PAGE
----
It is not only politics that was affected negatively, but also technological advancement. While the West and now the East have their own original technologies, Africa remains torn between the two. Each development project comes with its own externally advocated technologies often based on development objectives at the source. Hence, over 90% of the technology used in Africa leads to indebtedness. Sources of borrowed technologies have a solid base founded on long time research agenda.

It is with this background that cross-culture and participatory research is very important for generating informed decisions for steering Africa to development.

Research in development management

Research informs management and offers packages appropriate for sustainable development. According to the International Foundation for Science (IFS, 1993), research has been a top down process with the top being the source of research funding-hence setting the  research agenda. A 1987  IFS report also reveals that African researchers simply regard research as a source of contacts with researchers abroad, a means of publishing in international journals and a source of revenue for the host institution.t  With the above mentality, research in Africa has neither been appropriate nor a source of informed management decisions.

Participatory and demand driven research yields desired output.Through involvement of all stakeholders, real problems are understood and appropriate corrective measures designed. If applied across the board, this approach would bring into force developmental leadership.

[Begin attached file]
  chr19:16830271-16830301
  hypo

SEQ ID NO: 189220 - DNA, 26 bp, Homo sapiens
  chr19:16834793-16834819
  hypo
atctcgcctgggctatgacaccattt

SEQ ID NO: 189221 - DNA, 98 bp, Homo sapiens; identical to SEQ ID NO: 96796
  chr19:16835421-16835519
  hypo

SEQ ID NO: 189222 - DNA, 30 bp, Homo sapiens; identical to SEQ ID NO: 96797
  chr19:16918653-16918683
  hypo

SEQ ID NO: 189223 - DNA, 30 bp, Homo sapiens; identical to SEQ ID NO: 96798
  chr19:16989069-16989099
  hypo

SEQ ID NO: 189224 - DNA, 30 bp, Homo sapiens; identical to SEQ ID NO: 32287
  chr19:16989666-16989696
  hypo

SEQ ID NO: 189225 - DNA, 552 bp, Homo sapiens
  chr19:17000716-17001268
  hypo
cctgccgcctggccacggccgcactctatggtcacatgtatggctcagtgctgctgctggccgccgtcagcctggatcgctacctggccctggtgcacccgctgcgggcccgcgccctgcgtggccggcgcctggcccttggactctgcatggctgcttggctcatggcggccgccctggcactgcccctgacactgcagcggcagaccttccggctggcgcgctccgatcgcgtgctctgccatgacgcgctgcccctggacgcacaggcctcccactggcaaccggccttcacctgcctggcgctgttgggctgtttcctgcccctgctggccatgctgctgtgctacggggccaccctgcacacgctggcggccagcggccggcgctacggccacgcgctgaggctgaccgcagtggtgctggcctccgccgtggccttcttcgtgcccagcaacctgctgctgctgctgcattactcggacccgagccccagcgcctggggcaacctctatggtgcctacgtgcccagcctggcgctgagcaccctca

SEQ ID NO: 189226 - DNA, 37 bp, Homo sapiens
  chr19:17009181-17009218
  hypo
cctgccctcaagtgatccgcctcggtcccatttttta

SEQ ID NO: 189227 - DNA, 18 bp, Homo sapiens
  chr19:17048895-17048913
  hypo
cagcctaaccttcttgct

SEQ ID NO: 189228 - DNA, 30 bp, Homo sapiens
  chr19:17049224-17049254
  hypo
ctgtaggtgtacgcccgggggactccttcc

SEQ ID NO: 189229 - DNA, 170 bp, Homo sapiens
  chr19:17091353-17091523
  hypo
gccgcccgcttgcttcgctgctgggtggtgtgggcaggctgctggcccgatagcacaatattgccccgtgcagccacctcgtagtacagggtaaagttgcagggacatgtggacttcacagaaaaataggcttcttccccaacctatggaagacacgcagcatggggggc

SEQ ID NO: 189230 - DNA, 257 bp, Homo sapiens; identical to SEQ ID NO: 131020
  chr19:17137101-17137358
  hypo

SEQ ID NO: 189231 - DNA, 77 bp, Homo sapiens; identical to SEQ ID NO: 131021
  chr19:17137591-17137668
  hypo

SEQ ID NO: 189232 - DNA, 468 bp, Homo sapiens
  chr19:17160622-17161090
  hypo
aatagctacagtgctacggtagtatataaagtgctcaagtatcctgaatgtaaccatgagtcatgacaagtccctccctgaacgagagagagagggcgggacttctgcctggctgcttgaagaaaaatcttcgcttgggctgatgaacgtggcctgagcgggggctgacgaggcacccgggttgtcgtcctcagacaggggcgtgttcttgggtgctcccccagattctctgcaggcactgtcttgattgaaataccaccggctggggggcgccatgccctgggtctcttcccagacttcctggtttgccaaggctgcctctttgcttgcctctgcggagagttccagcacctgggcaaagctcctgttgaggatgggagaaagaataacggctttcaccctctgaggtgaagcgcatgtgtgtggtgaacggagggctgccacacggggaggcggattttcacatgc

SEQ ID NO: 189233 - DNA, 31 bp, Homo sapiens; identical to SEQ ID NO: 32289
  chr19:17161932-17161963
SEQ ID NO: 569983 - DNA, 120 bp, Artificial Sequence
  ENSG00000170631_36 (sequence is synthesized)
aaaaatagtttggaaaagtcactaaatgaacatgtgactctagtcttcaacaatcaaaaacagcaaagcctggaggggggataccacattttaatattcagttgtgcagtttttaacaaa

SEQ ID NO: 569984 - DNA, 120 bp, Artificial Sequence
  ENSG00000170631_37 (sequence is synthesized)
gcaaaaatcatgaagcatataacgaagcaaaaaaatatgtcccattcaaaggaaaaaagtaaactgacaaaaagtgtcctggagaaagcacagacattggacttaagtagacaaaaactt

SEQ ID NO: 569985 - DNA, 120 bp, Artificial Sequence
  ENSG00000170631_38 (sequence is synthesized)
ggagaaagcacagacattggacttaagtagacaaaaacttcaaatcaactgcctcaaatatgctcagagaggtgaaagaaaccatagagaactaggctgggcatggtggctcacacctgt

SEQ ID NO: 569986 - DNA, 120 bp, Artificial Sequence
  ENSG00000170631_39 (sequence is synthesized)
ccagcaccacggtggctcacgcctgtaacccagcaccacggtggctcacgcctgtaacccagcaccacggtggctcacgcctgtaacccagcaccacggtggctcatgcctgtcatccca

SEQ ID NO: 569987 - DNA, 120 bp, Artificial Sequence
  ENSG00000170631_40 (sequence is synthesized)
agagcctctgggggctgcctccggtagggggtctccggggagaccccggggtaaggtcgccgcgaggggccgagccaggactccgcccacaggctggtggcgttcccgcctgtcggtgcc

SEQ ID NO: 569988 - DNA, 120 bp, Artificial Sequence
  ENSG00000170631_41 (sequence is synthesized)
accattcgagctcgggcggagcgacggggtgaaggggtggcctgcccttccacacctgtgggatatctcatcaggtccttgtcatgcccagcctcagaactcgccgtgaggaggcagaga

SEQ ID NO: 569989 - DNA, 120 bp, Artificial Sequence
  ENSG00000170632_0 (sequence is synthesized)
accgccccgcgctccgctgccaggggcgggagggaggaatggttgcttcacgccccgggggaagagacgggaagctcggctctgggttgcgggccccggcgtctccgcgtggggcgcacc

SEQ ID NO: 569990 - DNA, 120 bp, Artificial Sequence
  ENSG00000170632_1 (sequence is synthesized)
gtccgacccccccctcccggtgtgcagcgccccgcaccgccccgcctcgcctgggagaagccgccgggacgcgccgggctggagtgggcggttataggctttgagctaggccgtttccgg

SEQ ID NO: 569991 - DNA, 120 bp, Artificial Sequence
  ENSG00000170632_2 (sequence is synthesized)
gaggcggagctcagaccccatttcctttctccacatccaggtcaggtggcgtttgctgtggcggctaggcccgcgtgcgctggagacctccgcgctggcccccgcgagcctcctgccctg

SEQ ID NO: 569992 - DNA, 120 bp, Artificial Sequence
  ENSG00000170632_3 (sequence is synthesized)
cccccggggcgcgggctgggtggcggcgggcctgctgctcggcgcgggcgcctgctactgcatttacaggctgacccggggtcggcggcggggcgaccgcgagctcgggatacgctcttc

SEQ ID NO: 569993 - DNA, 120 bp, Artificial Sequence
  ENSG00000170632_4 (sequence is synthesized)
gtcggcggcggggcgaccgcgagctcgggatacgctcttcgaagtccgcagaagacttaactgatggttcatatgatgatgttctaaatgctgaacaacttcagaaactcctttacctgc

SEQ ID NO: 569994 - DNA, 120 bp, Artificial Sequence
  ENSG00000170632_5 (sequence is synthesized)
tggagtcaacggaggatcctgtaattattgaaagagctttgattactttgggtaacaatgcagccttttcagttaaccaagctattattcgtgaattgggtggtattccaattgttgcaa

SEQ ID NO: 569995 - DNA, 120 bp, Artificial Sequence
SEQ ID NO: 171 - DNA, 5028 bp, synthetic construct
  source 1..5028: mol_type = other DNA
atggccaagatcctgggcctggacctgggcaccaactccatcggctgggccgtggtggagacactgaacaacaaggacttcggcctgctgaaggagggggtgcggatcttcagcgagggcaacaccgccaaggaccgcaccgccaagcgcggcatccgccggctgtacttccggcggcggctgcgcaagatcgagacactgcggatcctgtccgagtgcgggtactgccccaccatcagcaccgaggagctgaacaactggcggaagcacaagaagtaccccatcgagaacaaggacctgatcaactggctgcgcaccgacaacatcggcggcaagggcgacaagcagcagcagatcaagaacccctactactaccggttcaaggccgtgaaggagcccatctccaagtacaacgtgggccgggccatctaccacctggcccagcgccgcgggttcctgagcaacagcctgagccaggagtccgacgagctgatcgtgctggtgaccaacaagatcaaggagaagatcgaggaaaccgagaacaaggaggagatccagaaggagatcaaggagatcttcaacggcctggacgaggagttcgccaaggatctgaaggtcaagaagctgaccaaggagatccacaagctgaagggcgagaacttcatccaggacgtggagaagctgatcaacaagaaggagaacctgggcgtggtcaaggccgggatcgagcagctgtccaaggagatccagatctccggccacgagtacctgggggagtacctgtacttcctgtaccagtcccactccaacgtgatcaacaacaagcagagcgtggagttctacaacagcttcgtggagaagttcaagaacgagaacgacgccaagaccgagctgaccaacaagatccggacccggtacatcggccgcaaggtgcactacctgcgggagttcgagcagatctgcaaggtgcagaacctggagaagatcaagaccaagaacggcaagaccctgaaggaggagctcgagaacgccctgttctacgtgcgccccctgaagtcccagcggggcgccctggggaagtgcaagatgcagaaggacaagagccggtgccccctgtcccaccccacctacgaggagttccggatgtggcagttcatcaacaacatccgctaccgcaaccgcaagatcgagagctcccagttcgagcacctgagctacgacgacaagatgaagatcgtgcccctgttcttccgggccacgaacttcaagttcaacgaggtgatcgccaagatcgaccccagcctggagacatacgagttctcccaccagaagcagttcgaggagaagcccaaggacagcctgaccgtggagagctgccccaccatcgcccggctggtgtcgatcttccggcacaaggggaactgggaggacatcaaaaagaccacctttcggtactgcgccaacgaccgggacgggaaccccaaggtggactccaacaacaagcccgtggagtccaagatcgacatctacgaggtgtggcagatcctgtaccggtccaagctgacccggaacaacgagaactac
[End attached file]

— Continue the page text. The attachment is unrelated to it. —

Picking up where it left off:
If Africa is to develop sustainably, she must have her own set development agenda based on real African community needs. Through cross-culture, multidisciplinary and participatory research, appropriate solutions would be found. It is these original findings that would form a base for decision making, which would pivot Africa to development.

Research generated development options ought to achieve planned objectives, but must also be legal, acceptable and in line with overall development goals. Development objectives known to date have foreign origin. Take the case of the millennium development goals (MDG) and structural adjustment programmes. For these to be meaningful to the African people, their relevance should have been investigated before adoption. Now that they are already in force, they  must be given an African perspective. Where necessary, Africans must refocus international agenda to the needs of the African people.

Africans central to development

Countries that have ably achieved development focused on their cultural diversity and values. African people do need to appreciate their own, self and with high esteem. Development starts with self discovery, appreciation, and subsequently development. African may have to take lessons from recently transformed economies such as China, South Korea, Malaysia and Thailand. Here change was ably managed. This was possible because they adopted their own home policy, development goals, and methods, organizational structures, using their own people and based on their cultures. The African people should be at centre of African development.


To achieve sustainable development, African people must re-focus their development objectives along their cultural background and aspirations. African leaders and development managers must be pragmatic and principled to effect that change. Therefore, there is need for research to evaluate and analyse the status quo as well as internationally floating development objectives against the urgent needs of the African continent. It is along these research outputs that management of African development strategies should be based. Until this is effectively done, Africa will remain underdeveloped, indebted and a market for developed economies.

By Dr. Ssekyewa Charles 
Director of Research, Uganda Martyrs University